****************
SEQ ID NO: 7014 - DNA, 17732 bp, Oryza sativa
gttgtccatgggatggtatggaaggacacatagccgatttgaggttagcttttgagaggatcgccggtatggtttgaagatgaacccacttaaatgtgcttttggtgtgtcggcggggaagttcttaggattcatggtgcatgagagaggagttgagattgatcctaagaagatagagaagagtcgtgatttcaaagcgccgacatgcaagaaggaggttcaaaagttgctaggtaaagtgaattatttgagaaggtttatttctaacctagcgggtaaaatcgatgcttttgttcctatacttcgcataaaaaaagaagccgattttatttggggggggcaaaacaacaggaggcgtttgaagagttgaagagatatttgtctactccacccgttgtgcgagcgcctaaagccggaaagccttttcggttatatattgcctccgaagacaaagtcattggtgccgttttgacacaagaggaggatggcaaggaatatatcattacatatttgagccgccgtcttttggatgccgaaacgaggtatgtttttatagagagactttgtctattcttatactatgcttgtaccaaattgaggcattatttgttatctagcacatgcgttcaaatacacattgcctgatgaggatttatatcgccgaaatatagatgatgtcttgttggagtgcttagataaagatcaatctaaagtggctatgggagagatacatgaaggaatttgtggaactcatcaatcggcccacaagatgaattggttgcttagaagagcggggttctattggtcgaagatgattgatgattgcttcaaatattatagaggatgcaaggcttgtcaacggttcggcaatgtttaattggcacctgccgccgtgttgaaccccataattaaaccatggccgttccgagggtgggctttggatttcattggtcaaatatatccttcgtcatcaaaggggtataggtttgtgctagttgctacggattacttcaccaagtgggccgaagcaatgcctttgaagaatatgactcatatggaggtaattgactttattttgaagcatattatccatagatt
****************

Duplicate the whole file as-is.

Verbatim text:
SEQ ID NO: 7014 - DNA, 17732 bp, Oryza sativa
gttgtccatgggatggtatggaaggacacatagccgatttgaggttagcttttgagaggatcgccggtatggtttgaagatgaacccacttaaatgtgcttttggtgtgtcggcggggaagttcttaggattcatggtgcatgagagaggagttgagattgatcctaagaagatagagaagagtcgtgatttcaaagcgccgacatgcaagaaggaggttcaaaagttgctaggtaaagtgaattatttgagaaggtttatttctaacctagcgggtaaaatcgatgcttttgttcctatacttcgcataaaaaaagaagccgattttatttggggggggcaaaacaacaggaggcgtttgaagagttgaagagatatttgtctactccacccgttgtgcgagcgcctaaagccggaaagccttttcggttatatattgcctccgaagacaaagtcattggtgccgttttgacacaagaggaggatggcaaggaatatatcattacatatttgagccgccgtcttttggatgccgaaacgaggtatgtttttatagagagactttgtctattcttatactatgcttgtaccaaattgaggcattatttgttatctagcacatgcgttcaaatacacattgcctgatgaggatttatatcgccgaaatatagatgatgtcttgttggagtgcttagataaagatcaatctaaagtggctatgggagagatacatgaaggaatttgtggaactcatcaatcggcccacaagatgaattggttgcttagaagagcggggttctattggtcgaagatgattgatgattgcttcaaatattatagaggatgcaaggcttgtcaacggttcggcaatgtttaattggcacctgccgccgtgttgaaccccataattaaaccatggccgttccgagggtgggctttggatttcattggtcaaatatatccttcgtcatcaaaggggtataggtttgtgctagttgctacggattacttcaccaagtgggccgaagcaatgcctttgaagaatatgactcatatggaggtaattgactttattttgaagcatattatccatagatt